Mueller asked William Webster, a former judge and former head of the FBI and CIA, to head the review of the bureau’s procedures before the November 5 shooting that killed 13 people. Questions have been raised specifically about e-mails the accused shooter, Major Nidal Malik Hasan, sent to the cleric, Anwar al-Awlaki.
Al-Awlaki is known to have sympathies for al-Qaeda. Hasan’s e-mails, which began in late 2008, were intercepted by U.S. intelligence and looked at by U.S. anti-terrorism officials. Investigators noted in November that the communications were deemed unworthy of a full investigation because they appeared to be related to Hasan’s academic work and showed no clues that he was thinking about carrying out an attack or was receiving orders to do so.
The FBI has already taken heat for not detecting and averting the terrorist attacks of 9/11, and the review could be another black eye for the bureau. It remains to be seen if Mueller’s handpicking of Webster to lead the review will soften any critical findings. Mueller spoke only of his confidence in Webster.
"Judge Webster is uniquely qualified to undertake this task and look at the procedures and actions involved in this matter," Mueller declared in a statement. "It is essential to determine whether there are improvements to our current practices or other authorities that could make us all safer in the future."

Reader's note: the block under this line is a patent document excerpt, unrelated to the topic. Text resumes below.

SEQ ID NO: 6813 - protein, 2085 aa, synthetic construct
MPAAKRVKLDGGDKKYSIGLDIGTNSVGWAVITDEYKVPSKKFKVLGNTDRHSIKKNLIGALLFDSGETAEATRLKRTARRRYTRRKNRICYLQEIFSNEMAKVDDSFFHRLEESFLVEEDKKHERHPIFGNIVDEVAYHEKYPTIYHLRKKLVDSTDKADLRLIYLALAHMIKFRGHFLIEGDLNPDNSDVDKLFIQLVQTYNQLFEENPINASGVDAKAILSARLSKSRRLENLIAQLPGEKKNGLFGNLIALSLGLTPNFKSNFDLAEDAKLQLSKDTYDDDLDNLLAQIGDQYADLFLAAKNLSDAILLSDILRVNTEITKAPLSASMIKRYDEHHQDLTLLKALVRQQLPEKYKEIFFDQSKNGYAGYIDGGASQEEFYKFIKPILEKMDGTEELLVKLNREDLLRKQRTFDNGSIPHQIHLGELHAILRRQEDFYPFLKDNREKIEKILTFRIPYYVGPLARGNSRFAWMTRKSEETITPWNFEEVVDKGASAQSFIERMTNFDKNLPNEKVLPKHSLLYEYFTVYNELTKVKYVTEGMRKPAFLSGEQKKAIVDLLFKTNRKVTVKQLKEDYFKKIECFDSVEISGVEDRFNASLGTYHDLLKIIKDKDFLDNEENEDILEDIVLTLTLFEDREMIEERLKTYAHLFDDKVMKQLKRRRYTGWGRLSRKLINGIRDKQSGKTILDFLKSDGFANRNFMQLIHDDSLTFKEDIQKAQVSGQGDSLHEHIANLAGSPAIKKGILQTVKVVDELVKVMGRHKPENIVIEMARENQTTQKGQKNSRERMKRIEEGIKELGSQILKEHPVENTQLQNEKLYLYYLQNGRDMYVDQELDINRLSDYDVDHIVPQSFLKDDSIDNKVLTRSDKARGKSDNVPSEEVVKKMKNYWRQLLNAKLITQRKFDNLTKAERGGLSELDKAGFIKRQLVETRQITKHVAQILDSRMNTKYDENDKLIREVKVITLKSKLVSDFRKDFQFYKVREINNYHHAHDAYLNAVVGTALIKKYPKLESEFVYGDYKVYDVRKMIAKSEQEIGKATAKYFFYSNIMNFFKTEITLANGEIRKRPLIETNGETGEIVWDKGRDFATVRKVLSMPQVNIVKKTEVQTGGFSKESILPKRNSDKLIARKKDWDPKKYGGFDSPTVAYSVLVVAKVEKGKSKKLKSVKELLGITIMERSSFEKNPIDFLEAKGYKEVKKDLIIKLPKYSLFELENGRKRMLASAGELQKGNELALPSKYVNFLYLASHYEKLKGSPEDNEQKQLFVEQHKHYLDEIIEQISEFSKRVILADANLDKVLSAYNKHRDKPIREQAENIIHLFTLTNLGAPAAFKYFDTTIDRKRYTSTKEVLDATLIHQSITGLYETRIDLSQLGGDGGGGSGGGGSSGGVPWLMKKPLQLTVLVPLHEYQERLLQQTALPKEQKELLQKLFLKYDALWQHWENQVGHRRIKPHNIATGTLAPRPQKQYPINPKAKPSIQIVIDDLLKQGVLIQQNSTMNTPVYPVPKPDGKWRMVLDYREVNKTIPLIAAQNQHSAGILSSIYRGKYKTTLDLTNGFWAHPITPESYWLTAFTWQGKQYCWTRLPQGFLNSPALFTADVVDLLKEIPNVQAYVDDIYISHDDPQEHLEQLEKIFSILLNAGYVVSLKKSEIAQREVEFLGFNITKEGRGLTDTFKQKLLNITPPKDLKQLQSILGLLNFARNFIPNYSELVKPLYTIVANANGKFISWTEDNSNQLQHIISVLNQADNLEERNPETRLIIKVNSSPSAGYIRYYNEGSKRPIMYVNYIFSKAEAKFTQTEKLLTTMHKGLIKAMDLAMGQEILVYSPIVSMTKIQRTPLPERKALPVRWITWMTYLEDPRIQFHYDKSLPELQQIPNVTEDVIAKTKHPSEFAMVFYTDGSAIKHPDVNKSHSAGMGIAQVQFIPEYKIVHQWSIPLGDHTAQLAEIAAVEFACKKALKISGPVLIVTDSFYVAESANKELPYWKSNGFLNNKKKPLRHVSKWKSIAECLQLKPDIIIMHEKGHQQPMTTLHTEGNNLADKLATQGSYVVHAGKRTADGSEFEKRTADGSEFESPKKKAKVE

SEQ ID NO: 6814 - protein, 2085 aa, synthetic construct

The Defense Department has undertaken its own review of the shooting incident and the events leading up to it. No deadline has been set for Webster’s review, though he is supposed to coordinate his investigation with that of the Defense Department.
President Barack Obama has stated that he would hold accountable those who failed to see the signs pointing to Hasan’s dangerous tendencies. U.S. intelligence officials have already given him an initial briefing about how Hasan’s case was handled prior to the shooting.
Hasan was born in the United States, though he is a Muslim of Palestinian descent. The charges brought against him include 13 counts of murder and 32 counts of attempted premeditated murder. Currently, he is paralyzed as a result of wounds he received in the exchange of gunfire that eventually brought his shooting spree to an end. Hasan is being held at a military hospital in Texas, and he could receive the death penalty if convicted.
There is no way to know if an investigation of FBI procedures will turn up the specific person (or persons) that are legitimately to blame for not catching Hasan’s warning signs — or merely produce a scapegoat. It is very convenient for the FBI Director to be able to choose who investigates his own agency. Only time will tell if any more information is revealed that indicates Hasan could have been prevented from carrying out his deadly rampage.
Photo of FBI Director Robert Mueller: AP Images